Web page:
How long have you been out of college? Five years? 10 years? More than you care to admit? I am approaching the five-year mark, and despite that seemingly short time, a lot has changed since then!
The “lot” I am referring to in this instance, is technology. Prior to completing my fully online master’s degree program at Sam Houston, I had taken one online class, and it was a correspondence course at that. At the time correspondence courses functioned as content to be completed individually and without peer or instructor collaboration. There were not any video lectures, discussion boards, or any type of communication included.
Why is any of this information relevant to a recent study-abroad trip to Australia? Well, it has everything to do with my recent trip there, and also a trip to Wyoming made by my colleague, Instructional Design Support 1 Sam Beard. (Editor's note: Sam traveled to Australia along with Katie and the faculty and students, then journeyed to Wyoming after return to the U.S. Sam's trip is covered in another article in this issue of SHSU Online Newsletter).
On the Australia trip, my duties as an instructional designer were to support both Dr. Renee James and Dr. Scott Miller from the SHSU Physics Department by recording the many lectures we attended, as well as to support the students and instructors in their Blackboard or basic computer needs.
The first day in Australia, I attended Dr. Miller’s lecture with his students, and it was there that I became aware of the many differences five years can make in education and technology. That first lecture experience taught me that showing a student that trying a different browser while using Blackboard can make the world of difference. The students were grateful and willing to work with me in any way, as long as that meant successfully resolving their issues.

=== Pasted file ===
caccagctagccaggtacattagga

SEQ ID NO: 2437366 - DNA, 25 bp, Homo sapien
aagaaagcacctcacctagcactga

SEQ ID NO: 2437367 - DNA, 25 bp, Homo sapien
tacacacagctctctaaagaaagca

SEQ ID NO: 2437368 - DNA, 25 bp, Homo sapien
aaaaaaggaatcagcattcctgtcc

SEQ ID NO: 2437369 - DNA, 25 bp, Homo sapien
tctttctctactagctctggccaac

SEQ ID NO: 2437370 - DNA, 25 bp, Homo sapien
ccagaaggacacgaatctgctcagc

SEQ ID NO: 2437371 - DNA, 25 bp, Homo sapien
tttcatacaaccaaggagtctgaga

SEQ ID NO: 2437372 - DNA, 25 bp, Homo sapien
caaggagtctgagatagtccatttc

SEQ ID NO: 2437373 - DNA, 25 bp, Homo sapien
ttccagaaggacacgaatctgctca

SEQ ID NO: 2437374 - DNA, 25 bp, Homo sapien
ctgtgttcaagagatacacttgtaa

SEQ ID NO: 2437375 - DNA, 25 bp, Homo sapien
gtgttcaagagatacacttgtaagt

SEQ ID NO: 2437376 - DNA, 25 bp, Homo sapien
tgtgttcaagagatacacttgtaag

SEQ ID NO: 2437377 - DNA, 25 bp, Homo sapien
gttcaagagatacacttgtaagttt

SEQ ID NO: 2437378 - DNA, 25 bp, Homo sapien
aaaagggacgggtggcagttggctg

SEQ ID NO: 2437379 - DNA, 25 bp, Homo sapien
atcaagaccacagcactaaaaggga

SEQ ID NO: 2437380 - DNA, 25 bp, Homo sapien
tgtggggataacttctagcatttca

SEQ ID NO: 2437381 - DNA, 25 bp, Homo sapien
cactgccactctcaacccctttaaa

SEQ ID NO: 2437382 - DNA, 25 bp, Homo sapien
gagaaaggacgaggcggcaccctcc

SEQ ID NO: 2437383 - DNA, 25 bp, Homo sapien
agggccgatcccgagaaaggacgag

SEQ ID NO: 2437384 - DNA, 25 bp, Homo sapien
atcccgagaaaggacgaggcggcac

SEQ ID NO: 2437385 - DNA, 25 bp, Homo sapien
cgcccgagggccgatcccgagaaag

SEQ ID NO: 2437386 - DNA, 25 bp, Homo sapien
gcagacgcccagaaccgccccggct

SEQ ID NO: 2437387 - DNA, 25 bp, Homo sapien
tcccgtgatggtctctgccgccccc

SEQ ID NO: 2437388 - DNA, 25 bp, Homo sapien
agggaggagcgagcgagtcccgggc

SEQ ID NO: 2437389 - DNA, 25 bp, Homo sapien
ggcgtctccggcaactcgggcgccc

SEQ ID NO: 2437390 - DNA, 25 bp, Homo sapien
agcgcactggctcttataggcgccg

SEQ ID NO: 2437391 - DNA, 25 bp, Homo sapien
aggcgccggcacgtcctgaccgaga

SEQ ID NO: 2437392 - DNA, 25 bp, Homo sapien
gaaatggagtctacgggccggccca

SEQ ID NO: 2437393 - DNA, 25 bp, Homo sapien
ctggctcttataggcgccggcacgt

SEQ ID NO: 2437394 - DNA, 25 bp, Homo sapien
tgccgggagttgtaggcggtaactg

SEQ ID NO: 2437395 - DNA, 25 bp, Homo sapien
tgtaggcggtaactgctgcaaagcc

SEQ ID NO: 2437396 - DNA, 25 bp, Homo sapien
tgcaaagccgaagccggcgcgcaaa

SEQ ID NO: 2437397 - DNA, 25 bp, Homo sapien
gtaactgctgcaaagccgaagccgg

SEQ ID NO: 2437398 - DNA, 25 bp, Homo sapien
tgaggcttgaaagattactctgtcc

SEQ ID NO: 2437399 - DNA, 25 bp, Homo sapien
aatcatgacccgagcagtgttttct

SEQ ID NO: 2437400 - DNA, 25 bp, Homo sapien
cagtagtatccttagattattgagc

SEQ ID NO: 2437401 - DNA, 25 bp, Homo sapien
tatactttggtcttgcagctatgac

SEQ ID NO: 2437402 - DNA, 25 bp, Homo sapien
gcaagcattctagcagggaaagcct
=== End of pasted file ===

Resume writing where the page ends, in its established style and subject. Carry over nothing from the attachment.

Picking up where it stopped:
The technology and education were collaborative and interactive, and that made a difference in the students' learning experience. Over the course of the trip, I ventured to many lectures with the classes to take pictures, record the guest lectures, equip students with GoPro cameras during their course-related tours and trips, and provided Blackboard technology support. In all of those experiences, I came back to work with a new perspective. This newly developed perspective for me centered on the fact that learning through experiences excites students.
My experiences with technology and education as an undergraduate were not collaborative or interactive; hence, I hardly remember what I learned in my long-ago correspondence class. However, I guarantee you that the students who registered for this Study Abroad trip will never forget what a pulsar is, how big the universe is compared to the steps they took down the Blue Mountain trail near Katoomba, Australia… or what the eclipse looked like in Wyoming, for that matter! Along with accompanying Dr. James and Dr. Miller, my colleague Sam Beard and I were also prepared to record these experiences via technology--so classes moving forward can experience these events in a similar fashion.
Even though traveling to Australia and Wyoming can never be fully replaced, the content that we helped create will live on in future courses.